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Jojoba Oil Safety

by
author image Lynn DeVries
Lynn DeVries has more than 15 years of professional freelance writing experience with projects ranging from marketing copy writing to entertainment journalism. She researches and writes about alternative therapies on the Web site Medicinal Herb Info and writes for eHow Home & Garden and LIVESTRONG. Lynn is fond of learning and writing about alternative therapies, the latest gadget, or technology.
Jojoba Oil Safety
Jojoba oil in bottles. Photo Credit sasimoto/iStock/Getty Images

According to Drugs.com, jojoba seeds come from the evergreen Simmondsia chinensis, or jojoba shrub, which is native to Arizona, California and Northern Mexico. These seeds are used to produce jojoba oil, which is used in many cosmetic and skin care treatments. The jojoba oil is different from other herbal oils because it contains an extremely high percentage (97%) of wax esters that make it more similar to whale oil than to traditional vegetable oils.

Origins

Jojoba oil was traditionally used by Native Americans and early Mexicans as a hair conditioner and it was used in rituals, cooking and medicines, says Drugs.com. The Bureau of Indian Affairs in the United States has funded study of the jojoba plant because it is a viable cash crop for the southwestern Native Americans. The site says that in 1973, after the oil from the sperm whale was banned, cosmetic companies began to use jojoba oil as an ingredient instead.

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Jojoba Uses

Drugs.com says that jojoba oil is used to treat several skin conditions. It is reported to relieve dry skin and help guard against hair loss. It’s also useful for treating acne, psoriasis, skin irritations, sunburn and chapped skin. Jojoba oil is also often used as an industrial lubricant because it doesn’t break down when it is under pressure or exposed to high temperatures.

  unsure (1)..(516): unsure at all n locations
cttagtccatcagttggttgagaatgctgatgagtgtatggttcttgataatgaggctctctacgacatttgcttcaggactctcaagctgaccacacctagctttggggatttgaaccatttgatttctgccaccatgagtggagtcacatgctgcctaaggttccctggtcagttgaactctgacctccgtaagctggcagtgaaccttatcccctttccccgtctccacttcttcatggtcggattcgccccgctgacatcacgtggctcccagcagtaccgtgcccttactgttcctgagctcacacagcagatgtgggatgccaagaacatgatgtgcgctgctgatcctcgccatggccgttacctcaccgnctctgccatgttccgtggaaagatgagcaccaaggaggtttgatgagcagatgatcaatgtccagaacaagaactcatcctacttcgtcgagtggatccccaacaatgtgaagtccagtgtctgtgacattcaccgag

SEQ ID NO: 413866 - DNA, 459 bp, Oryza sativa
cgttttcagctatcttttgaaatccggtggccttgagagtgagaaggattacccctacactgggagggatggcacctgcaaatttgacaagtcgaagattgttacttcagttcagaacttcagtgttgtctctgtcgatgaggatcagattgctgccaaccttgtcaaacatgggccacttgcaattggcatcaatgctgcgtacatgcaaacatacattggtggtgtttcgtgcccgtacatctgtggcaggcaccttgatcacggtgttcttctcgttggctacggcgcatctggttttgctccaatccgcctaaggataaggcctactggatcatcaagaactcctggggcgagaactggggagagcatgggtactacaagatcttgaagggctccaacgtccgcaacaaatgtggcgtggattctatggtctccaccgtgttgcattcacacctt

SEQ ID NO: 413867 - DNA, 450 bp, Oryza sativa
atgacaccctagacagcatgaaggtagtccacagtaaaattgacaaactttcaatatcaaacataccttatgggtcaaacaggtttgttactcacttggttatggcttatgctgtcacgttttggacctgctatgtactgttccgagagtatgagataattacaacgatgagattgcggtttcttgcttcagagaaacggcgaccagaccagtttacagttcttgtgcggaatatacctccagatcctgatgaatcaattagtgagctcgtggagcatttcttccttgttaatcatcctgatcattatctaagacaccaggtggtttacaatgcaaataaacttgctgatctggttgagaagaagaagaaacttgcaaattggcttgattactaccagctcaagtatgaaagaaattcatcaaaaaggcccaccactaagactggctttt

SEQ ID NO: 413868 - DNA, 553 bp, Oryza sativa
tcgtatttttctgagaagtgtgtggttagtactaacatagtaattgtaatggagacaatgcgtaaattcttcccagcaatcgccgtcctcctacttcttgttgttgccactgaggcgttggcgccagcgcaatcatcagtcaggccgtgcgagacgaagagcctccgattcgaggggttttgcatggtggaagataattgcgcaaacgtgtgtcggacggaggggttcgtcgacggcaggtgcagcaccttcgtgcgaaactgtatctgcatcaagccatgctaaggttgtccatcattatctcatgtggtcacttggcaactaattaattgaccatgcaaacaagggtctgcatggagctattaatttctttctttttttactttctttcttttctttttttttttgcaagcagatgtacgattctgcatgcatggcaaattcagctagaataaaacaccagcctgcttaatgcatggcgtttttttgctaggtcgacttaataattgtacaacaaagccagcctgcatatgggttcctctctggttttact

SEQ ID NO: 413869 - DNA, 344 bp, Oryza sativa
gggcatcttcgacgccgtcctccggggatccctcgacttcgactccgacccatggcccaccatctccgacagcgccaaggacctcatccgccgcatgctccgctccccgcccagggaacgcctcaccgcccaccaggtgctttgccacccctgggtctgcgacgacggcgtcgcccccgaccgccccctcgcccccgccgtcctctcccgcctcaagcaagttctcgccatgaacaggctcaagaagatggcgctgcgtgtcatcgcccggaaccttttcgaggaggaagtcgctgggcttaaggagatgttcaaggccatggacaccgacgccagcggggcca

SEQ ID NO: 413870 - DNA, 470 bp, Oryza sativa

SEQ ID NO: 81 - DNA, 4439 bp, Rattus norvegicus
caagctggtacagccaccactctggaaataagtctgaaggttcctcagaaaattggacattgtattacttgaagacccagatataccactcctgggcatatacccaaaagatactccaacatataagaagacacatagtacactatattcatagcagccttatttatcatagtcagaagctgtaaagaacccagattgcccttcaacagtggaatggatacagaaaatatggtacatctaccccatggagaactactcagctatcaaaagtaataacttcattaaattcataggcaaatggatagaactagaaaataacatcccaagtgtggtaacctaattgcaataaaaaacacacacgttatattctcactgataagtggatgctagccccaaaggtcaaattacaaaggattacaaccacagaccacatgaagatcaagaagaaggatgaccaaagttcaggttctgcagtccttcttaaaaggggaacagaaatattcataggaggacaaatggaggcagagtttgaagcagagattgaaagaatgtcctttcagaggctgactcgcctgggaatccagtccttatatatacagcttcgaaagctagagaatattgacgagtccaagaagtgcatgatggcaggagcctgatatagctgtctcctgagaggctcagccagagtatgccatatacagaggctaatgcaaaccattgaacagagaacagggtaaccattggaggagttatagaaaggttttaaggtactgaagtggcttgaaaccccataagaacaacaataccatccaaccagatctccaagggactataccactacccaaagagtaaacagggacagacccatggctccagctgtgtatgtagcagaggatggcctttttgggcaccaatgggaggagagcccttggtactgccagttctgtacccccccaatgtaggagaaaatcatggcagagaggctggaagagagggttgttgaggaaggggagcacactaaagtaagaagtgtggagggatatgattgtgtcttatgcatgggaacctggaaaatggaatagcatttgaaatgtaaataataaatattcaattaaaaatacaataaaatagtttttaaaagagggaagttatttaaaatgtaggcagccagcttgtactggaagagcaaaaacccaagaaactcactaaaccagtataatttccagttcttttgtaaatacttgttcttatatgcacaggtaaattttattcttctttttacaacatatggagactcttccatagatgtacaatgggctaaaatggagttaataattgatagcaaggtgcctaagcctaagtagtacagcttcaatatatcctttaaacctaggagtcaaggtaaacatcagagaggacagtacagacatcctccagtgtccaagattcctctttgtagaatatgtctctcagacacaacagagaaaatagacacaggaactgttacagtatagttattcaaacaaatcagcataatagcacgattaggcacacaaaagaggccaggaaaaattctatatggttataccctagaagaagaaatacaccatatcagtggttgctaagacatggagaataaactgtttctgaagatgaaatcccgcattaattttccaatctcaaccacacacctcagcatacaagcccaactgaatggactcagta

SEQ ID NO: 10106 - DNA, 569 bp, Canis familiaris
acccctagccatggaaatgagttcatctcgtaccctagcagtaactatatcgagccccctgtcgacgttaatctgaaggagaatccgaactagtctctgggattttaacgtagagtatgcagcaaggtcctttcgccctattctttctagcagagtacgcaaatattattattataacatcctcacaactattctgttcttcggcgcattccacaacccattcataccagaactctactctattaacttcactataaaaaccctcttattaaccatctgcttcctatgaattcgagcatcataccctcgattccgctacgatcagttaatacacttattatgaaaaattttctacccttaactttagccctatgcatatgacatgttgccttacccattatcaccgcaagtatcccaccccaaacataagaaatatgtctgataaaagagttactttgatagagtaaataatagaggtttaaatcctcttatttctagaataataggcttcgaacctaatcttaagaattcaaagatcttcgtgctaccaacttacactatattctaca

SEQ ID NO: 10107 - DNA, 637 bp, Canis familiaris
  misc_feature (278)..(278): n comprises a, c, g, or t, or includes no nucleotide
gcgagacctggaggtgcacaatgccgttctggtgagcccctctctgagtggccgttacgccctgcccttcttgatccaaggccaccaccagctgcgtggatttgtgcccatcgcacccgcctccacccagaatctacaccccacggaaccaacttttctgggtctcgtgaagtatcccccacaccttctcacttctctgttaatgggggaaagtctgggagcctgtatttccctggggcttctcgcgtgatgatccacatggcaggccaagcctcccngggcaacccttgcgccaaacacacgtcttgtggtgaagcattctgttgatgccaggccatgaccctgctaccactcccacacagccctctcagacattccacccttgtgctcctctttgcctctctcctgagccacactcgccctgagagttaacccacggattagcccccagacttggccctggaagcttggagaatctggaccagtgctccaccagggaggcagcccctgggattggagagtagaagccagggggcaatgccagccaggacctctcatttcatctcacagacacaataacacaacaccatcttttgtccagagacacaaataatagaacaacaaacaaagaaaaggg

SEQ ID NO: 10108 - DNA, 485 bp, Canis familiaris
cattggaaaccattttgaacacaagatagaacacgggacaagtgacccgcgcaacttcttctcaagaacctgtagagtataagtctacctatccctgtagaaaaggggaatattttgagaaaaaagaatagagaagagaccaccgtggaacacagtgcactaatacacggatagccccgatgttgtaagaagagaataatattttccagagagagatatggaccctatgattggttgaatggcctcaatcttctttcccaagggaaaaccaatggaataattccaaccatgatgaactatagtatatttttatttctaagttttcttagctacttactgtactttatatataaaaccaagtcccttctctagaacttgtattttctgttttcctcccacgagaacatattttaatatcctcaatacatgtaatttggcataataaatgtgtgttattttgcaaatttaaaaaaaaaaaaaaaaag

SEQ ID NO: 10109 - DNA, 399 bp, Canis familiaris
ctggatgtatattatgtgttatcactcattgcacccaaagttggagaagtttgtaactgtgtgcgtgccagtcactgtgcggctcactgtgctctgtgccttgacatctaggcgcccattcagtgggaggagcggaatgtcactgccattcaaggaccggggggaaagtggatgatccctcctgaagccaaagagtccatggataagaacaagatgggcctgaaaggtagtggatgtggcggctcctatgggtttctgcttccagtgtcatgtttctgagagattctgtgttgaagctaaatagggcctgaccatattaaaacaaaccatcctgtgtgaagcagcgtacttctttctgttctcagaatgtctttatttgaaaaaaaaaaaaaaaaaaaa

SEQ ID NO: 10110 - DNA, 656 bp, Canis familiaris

Research

Research published on the PubMed.gov website concludes that jojoba oil is not only safe for use in cosmetic products, but it has also shown to be an effective moisturizer for the skin. According to the Cosmetics Database website, jojoba oil is should not be ingested, but when used as an ingredient in cosmetics and skin care products, it is considered to be quite safe. Cosmetics Info also reports that the use of jojoba oil in cosmetic products is considered to be safe.

Possible Side Effects

Some people may develop contact dermatitis when using jojoba oil on the skin. If this occurs, discontinue its use says the Drugs.com site. Jojoba should not be ingested due to toxic effects. For most users, jojoba oil is considered to be generally safe.

Forms Used

According to the Cosmetics Safety Database website, the most common products that report using jojoba as an ingredient include moisturizers, lipstick, lip gloss, hair conditioner, body oil, hand cream, lip balm, facial cleanser and in anti-aging products.

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References

Demand Media